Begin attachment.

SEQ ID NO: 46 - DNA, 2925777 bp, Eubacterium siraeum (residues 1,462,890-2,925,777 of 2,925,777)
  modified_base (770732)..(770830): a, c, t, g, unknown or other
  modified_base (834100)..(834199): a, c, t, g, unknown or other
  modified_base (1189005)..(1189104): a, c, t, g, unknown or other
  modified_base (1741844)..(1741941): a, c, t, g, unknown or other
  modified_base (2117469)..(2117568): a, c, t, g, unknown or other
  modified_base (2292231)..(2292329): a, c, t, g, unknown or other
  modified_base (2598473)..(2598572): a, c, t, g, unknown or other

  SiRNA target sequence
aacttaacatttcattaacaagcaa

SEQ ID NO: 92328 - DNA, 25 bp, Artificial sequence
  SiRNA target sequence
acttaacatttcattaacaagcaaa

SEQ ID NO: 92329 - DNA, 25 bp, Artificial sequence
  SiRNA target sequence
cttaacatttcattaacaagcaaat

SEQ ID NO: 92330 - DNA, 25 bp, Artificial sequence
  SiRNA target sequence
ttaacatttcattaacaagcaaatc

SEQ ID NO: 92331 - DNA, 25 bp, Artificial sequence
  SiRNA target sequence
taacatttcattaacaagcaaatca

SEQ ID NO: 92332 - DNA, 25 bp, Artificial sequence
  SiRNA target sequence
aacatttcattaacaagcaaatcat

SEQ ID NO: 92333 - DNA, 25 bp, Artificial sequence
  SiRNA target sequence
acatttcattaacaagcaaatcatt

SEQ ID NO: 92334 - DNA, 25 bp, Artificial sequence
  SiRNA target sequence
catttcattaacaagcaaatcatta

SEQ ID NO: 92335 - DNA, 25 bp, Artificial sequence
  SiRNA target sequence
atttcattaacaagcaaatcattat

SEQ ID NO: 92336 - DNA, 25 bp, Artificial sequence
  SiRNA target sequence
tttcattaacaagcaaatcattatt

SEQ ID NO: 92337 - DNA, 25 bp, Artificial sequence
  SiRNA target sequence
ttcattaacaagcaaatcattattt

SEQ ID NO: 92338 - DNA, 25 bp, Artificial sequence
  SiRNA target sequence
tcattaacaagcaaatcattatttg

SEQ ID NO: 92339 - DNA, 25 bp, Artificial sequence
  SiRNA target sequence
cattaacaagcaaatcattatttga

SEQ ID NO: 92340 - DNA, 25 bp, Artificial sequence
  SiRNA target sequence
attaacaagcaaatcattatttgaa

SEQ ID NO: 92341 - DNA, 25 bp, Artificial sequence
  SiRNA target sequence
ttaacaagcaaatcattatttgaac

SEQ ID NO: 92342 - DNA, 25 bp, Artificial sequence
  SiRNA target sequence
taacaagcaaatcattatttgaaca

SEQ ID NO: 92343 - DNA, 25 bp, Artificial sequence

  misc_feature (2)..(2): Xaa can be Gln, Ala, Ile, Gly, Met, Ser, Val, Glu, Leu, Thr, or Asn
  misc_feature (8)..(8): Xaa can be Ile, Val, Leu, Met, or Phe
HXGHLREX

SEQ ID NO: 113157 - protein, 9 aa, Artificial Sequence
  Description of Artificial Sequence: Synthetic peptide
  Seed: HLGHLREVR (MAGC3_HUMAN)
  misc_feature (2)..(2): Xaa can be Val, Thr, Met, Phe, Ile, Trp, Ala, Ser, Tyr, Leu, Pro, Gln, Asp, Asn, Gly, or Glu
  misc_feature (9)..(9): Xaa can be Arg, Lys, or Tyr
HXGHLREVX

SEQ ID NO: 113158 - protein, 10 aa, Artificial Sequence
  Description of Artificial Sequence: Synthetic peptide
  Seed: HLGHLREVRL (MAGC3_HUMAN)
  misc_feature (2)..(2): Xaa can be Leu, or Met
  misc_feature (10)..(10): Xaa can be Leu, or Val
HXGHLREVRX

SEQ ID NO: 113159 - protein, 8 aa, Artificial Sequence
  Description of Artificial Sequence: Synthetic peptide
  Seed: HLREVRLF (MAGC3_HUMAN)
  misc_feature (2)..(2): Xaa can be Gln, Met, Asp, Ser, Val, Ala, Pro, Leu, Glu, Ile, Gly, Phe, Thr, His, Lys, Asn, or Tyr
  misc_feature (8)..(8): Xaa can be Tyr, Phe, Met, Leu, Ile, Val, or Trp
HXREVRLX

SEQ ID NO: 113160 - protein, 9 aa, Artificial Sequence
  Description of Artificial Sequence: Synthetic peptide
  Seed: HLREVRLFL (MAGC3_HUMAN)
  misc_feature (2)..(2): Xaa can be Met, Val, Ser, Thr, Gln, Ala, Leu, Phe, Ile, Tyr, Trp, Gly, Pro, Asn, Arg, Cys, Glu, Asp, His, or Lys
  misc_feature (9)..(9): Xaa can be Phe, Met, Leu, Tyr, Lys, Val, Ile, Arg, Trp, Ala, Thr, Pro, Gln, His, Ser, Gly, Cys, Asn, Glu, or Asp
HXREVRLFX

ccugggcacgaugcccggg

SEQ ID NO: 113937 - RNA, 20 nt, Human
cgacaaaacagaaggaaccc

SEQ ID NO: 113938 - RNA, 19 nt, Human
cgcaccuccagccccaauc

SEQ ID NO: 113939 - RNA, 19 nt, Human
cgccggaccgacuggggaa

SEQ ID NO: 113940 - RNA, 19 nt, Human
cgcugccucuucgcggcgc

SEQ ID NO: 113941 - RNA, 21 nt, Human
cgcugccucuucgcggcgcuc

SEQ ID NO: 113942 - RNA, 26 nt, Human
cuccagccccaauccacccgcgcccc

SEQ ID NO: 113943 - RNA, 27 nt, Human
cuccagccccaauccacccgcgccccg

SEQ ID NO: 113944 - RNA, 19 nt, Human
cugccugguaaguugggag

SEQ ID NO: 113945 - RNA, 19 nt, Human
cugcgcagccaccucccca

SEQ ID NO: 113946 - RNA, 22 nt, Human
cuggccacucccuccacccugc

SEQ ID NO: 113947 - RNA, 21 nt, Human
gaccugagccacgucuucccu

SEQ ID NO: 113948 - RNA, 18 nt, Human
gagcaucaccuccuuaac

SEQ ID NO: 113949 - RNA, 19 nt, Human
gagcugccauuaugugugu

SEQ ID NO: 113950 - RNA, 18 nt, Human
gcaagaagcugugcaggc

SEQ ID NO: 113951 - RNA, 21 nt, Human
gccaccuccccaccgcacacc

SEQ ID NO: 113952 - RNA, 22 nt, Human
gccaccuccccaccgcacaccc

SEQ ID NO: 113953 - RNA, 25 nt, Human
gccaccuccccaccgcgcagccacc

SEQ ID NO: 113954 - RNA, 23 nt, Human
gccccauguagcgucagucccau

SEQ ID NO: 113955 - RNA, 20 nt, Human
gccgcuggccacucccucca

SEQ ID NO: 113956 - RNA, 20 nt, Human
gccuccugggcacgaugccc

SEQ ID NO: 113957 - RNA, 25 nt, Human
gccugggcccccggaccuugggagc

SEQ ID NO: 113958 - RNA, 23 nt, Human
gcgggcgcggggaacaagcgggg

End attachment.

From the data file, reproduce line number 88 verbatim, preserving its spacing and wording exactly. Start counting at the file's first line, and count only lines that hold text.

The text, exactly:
cgcaccuccagccccaauc